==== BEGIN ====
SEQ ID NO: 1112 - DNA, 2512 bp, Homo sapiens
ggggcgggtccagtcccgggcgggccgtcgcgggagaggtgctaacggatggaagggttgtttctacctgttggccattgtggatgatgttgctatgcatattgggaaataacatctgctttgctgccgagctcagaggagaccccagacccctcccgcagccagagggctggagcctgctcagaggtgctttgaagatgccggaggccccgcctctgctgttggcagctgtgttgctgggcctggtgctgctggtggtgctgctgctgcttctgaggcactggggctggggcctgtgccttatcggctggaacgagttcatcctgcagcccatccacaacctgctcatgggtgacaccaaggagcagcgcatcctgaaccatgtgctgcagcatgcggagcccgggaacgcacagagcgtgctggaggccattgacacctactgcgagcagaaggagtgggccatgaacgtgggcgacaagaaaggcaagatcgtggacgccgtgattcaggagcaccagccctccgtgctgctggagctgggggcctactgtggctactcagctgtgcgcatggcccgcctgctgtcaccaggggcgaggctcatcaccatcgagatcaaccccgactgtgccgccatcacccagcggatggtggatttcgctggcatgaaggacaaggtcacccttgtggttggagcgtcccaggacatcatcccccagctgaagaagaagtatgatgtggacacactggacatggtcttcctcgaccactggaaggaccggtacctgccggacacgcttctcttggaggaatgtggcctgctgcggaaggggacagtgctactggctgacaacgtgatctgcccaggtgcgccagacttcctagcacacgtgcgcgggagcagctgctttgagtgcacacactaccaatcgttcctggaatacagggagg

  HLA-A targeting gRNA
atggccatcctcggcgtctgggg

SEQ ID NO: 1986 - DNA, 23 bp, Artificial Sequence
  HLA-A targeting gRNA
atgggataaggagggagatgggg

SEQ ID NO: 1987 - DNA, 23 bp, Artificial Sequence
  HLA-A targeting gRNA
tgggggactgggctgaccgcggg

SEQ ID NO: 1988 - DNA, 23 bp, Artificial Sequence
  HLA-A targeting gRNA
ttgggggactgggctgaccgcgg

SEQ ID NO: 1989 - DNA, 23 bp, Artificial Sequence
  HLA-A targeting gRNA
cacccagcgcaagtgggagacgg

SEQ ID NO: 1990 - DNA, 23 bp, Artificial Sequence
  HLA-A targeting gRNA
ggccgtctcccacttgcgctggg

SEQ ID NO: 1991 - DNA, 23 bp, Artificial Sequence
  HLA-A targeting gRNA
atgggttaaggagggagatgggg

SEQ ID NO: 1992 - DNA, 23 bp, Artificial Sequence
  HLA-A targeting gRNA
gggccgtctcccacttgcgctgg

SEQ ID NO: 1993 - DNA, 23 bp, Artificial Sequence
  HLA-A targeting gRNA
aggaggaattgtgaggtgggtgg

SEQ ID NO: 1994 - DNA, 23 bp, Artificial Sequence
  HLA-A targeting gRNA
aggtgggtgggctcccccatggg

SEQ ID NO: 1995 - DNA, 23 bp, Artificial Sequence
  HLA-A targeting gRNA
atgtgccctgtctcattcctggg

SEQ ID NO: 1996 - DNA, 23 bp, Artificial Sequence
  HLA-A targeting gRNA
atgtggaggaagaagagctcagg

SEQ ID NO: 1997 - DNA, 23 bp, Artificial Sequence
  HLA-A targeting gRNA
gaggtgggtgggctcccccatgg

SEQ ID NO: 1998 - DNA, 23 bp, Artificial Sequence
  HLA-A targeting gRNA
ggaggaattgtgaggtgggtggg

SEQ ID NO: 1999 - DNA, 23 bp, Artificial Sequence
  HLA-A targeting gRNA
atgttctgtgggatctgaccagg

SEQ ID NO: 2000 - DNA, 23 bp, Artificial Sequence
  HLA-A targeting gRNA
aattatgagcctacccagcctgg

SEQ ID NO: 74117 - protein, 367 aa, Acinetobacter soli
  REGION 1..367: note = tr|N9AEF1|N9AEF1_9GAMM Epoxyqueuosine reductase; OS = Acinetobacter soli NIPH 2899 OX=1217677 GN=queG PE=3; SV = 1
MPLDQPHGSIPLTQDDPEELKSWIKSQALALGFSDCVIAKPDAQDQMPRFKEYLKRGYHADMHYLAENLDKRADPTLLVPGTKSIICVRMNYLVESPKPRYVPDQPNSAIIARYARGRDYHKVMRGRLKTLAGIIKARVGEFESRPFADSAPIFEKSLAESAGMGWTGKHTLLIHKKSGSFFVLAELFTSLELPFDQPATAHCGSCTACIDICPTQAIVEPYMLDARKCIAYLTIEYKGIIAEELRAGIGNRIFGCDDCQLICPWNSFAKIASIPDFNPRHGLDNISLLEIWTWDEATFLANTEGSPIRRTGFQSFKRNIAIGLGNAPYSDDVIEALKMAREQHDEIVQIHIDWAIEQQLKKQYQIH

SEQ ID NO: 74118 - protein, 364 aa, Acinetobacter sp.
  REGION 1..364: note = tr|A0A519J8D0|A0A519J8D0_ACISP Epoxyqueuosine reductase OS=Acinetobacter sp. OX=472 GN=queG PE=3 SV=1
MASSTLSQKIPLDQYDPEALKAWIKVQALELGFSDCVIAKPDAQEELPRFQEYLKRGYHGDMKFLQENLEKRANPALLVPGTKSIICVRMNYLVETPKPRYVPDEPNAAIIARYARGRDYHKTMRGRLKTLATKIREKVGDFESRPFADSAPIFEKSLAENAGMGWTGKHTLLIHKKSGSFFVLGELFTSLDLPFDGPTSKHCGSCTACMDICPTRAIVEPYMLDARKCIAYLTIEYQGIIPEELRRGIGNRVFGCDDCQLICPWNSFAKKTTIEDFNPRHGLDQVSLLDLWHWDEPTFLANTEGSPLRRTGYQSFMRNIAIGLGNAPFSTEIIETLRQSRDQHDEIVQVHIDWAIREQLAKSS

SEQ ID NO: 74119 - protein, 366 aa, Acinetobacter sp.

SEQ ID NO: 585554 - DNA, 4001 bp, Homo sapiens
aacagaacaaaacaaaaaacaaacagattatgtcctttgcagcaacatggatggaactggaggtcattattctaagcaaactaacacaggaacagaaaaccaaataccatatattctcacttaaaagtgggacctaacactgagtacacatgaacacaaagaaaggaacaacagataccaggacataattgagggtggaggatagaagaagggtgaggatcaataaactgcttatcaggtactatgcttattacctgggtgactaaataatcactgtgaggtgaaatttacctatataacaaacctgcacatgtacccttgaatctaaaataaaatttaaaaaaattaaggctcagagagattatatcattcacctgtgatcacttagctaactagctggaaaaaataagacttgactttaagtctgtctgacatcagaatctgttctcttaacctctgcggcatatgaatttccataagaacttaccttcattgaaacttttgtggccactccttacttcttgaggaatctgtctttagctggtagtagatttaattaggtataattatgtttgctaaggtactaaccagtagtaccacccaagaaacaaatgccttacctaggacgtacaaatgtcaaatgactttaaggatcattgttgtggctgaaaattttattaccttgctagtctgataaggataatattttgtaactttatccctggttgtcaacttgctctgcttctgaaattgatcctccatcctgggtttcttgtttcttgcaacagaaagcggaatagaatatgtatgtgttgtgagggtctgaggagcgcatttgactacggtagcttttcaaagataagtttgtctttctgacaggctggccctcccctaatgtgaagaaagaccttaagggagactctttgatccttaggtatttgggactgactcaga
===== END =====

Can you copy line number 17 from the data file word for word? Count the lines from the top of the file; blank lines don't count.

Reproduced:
SEQ ID NO: 1990 - DNA, 23 bp, Artificial Sequence